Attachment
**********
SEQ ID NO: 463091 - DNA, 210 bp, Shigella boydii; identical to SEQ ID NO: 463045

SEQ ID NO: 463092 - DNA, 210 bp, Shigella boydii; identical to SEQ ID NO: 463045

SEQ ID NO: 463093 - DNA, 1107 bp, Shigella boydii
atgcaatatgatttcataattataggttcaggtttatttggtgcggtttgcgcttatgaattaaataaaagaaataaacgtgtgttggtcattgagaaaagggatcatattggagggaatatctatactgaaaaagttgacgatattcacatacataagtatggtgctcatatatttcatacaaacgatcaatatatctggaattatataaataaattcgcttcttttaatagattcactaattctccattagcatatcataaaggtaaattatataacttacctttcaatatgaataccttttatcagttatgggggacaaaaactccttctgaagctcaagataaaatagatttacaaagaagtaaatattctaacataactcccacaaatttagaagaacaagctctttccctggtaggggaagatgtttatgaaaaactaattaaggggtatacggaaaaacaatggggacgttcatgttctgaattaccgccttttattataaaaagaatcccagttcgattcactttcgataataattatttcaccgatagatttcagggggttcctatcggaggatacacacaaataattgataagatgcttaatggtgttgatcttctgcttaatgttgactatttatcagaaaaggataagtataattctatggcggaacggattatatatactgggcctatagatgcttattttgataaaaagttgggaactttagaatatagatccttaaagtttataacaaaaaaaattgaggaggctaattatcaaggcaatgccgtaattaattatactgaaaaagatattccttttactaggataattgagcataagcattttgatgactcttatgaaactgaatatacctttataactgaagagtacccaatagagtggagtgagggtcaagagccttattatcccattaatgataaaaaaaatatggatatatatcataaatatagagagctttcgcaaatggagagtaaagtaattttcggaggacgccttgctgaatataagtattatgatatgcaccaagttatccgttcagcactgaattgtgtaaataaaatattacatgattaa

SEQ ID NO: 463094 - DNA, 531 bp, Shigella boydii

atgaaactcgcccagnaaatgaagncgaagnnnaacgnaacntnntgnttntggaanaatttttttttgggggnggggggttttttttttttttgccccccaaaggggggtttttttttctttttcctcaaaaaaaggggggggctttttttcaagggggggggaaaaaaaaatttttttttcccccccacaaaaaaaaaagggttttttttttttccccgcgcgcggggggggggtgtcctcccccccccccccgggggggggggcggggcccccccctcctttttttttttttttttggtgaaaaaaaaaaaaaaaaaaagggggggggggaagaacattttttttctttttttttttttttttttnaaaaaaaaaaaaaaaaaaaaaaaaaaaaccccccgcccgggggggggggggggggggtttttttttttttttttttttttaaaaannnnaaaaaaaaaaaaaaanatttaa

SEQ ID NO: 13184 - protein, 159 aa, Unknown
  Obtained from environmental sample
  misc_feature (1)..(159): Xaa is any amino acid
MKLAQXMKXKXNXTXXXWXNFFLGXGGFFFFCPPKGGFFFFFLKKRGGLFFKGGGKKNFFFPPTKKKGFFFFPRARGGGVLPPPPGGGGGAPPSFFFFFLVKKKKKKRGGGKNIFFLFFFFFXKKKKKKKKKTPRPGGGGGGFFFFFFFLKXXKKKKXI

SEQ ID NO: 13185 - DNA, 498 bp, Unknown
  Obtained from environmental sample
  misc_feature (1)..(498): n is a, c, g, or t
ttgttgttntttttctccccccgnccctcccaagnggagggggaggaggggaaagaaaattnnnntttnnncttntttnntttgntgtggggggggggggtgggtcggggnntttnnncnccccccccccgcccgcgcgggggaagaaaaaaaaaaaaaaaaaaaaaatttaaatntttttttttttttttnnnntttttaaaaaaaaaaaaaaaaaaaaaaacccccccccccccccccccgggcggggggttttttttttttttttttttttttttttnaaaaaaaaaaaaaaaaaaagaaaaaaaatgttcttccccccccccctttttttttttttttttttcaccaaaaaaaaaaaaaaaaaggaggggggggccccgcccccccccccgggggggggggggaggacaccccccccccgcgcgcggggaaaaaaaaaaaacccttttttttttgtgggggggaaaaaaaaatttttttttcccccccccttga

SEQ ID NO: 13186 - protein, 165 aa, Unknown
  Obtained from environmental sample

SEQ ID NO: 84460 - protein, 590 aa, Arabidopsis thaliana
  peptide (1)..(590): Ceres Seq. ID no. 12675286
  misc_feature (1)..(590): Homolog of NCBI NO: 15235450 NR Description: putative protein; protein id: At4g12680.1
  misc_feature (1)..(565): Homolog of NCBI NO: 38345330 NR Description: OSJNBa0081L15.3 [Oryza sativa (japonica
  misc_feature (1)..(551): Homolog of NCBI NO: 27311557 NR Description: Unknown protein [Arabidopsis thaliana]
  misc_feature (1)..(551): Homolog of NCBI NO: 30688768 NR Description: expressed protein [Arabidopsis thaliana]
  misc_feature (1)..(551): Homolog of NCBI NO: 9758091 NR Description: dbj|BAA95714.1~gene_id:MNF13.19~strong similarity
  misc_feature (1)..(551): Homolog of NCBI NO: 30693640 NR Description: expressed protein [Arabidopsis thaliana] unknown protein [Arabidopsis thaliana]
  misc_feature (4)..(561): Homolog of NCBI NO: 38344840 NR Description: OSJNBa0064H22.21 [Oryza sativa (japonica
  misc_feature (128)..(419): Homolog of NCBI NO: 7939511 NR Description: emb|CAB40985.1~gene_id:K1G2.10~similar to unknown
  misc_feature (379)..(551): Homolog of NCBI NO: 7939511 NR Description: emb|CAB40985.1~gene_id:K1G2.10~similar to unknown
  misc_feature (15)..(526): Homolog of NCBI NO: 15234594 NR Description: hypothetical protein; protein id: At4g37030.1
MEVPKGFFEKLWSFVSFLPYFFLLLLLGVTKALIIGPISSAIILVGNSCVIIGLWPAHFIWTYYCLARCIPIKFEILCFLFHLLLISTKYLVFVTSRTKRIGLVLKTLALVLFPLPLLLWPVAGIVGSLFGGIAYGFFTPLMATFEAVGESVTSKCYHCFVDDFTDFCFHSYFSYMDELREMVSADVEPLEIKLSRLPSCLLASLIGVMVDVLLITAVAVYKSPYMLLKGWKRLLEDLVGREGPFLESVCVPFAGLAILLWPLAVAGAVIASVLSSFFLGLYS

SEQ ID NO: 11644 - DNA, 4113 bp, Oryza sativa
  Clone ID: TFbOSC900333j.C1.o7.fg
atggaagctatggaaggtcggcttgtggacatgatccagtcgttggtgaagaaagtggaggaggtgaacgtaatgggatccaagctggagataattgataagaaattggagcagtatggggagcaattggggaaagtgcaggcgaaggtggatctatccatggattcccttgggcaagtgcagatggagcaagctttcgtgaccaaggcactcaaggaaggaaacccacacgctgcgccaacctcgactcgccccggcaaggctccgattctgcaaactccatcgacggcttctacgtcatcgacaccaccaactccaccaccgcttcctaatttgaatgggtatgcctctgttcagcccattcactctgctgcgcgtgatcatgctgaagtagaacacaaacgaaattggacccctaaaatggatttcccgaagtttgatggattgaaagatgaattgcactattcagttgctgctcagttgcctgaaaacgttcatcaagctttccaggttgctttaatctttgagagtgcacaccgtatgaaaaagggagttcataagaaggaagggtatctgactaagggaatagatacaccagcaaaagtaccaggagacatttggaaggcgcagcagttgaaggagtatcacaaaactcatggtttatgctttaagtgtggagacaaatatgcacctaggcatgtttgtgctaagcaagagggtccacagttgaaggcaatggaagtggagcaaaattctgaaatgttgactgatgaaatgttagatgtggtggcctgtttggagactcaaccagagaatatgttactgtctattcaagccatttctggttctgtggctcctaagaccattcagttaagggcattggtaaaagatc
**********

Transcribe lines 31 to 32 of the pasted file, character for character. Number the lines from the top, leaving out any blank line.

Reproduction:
  Clone ID: TFbOSC900333j.C1.o7.fg
atggaagctatggaaggtcggcttgtggacatgatccagtcgttggtgaagaaagtggaggaggtgaacgtaatgggatccaagctggagataattgataagaaattggagcagtatggggagcaattggggaaagtgcaggcgaaggtggatctatccatggattcccttgggcaagtgcagatggagcaagctttcgtgaccaaggcactcaaggaaggaaacccacacgctgcgccaacctcgactcgccccggcaaggctccgattctgcaaactccatcgacggcttctacgtcatcgacaccaccaactccaccaccgcttcctaatttgaatgggtatgcctctgttcagcccattcactctgctgcgcgtgatcatgctgaagtagaacacaaacgaaattggacccctaaaatggatttcccgaagtttgatggattgaaagatgaattgcactattcagttgctgctcagttgcctgaaaacgttcatcaagctttccaggttgctttaatctttgagagtgcacaccgtatgaaaaagggagttcataagaaggaagggtatctgactaagggaatagatacaccagcaaaagtaccaggagacatttggaaggcgcagcagttgaaggagtatcacaaaactcatggtttatgctttaagtgtggagacaaatatgcacctaggcatgtttgtgctaagcaagagggtccacagttgaaggcaatggaagtggagcaaaattctgaaatgttgactgatgaaatgttagatgtggtggcctgtttggagactcaaccagagaatatgttactgtctattcaagccatttctggttctgtggctcctaagaccattcagttaagggcattggtaaaagatc